To do this the fossil fuel industry has to be reduced in size significantly over the next 5 years, starting right now with and end-of-life by 2030. We need the expansion of regenerative agriculture universally. We need the immediate termination of mass deforestation (currently 747 square kilometres per day). We need the rapid development of carbon lifecycle analysis so that it can be applied to show the whole chain of carbon emissions embedded in products and services to highlight the real damage being done in the manufacturing and marketing of same. For instance, packaging (not least plastic packaging). Finally, widespread carbon education is needed, including carbon footprinting and what people can do in their own lives to reduce their carbon footprint.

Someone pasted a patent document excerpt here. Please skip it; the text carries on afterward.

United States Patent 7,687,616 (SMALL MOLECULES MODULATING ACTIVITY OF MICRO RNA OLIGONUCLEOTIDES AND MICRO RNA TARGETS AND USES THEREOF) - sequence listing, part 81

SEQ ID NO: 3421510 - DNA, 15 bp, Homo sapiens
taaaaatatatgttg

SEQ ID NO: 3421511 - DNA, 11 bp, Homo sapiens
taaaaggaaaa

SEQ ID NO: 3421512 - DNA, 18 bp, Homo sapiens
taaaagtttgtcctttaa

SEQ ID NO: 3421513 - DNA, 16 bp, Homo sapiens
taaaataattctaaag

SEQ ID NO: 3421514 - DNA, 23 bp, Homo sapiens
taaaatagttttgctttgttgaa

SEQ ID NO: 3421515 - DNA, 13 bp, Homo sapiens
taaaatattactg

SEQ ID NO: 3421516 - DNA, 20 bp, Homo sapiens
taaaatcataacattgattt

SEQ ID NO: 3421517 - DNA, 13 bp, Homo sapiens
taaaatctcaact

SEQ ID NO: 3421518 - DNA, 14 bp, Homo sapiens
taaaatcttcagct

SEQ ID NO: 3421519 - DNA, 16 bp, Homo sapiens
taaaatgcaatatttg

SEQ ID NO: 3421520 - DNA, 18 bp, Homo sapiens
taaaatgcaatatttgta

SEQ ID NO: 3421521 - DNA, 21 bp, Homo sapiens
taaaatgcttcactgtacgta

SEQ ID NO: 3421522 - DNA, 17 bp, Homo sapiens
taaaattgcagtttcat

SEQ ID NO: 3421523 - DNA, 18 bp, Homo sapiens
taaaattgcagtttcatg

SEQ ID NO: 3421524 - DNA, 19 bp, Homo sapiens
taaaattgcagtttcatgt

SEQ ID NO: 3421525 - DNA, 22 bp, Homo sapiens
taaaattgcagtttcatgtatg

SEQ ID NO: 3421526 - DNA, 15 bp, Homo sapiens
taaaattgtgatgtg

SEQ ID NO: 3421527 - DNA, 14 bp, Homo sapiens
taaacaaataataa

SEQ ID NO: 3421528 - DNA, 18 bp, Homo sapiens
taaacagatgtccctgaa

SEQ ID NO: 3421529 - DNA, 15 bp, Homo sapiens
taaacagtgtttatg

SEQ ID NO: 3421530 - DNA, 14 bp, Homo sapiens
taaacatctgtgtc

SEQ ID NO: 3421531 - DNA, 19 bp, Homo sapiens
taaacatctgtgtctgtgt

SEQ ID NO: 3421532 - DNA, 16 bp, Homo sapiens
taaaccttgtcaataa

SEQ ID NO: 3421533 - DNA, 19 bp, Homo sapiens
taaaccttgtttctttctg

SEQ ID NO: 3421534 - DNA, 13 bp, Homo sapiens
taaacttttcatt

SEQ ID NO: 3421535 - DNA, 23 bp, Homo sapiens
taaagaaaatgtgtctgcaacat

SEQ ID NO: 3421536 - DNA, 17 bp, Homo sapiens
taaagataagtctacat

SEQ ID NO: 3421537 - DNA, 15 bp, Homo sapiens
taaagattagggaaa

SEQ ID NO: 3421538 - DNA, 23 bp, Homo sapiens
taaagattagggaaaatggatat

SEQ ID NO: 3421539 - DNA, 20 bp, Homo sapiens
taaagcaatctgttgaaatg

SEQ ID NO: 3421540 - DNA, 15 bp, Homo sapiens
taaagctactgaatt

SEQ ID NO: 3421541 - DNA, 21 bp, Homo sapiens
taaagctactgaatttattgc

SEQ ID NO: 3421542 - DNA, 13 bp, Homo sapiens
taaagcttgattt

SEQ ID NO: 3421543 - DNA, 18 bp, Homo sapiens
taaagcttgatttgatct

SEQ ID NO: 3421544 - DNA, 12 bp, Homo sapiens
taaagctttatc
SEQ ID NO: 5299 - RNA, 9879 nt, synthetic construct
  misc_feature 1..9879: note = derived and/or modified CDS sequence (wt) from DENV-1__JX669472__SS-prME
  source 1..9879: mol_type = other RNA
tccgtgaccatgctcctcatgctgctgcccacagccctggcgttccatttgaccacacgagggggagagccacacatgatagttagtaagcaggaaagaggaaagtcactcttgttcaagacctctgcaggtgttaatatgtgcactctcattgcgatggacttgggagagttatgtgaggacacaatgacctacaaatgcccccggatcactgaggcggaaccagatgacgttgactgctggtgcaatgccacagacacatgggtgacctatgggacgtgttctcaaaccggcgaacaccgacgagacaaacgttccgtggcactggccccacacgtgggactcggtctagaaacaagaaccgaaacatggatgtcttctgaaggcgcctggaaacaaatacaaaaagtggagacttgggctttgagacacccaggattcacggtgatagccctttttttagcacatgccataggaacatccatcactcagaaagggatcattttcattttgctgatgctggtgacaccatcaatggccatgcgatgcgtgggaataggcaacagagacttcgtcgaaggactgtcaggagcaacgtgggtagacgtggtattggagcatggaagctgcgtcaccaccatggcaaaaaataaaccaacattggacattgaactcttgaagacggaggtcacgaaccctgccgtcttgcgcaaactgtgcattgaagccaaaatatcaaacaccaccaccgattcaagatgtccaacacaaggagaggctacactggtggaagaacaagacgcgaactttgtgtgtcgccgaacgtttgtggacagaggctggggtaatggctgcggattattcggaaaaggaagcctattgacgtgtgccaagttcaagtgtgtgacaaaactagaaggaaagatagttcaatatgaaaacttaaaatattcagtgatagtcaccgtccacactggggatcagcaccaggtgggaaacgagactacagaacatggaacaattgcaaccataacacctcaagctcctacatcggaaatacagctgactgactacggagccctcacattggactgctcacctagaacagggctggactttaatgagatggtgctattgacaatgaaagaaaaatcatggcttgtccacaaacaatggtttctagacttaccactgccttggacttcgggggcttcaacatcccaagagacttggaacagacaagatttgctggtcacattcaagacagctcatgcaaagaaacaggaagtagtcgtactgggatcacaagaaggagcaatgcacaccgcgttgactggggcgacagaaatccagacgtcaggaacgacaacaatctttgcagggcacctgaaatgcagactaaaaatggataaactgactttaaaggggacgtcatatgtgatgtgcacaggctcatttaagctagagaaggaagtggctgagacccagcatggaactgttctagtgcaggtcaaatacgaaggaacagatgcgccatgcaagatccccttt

Eco-tip for the day – Composting (Part 2)

Taking extracts from, we continue the composting series as Part 2:

“It’s kind of mind-blowing, really, when you think about how many of the items needed to make rich compost for your DIY compost bins can be found around your home. Below is a list of different items that can be added to your compost which will increase the variety of nutrient content in your composting:

  1. The most common household items that we think to compost first are of course our kitchen scraps. Fruits, veggies, eggshells, coffee grounds, and used tea bags are all safe to use in your DIY compost bins.

  2. Paper products like paper towels and napkins (no prints), coffee filters, newspaper, cardboard, printer and notebook paper can all be added to your compost. Those flimsy paper plates are good, too. Be sure the paper items you’re adding don’t have glossy, coloured finishes, as the chemicals can break down into your DIY compost bins.

  3. Plant debris like grass clippings, wood chips, straw, hedge trimmings, weeds (with no seed heads), those leaves you just raked up, and spent cut flowers can all be added to your compost to give it a nitrogen boost.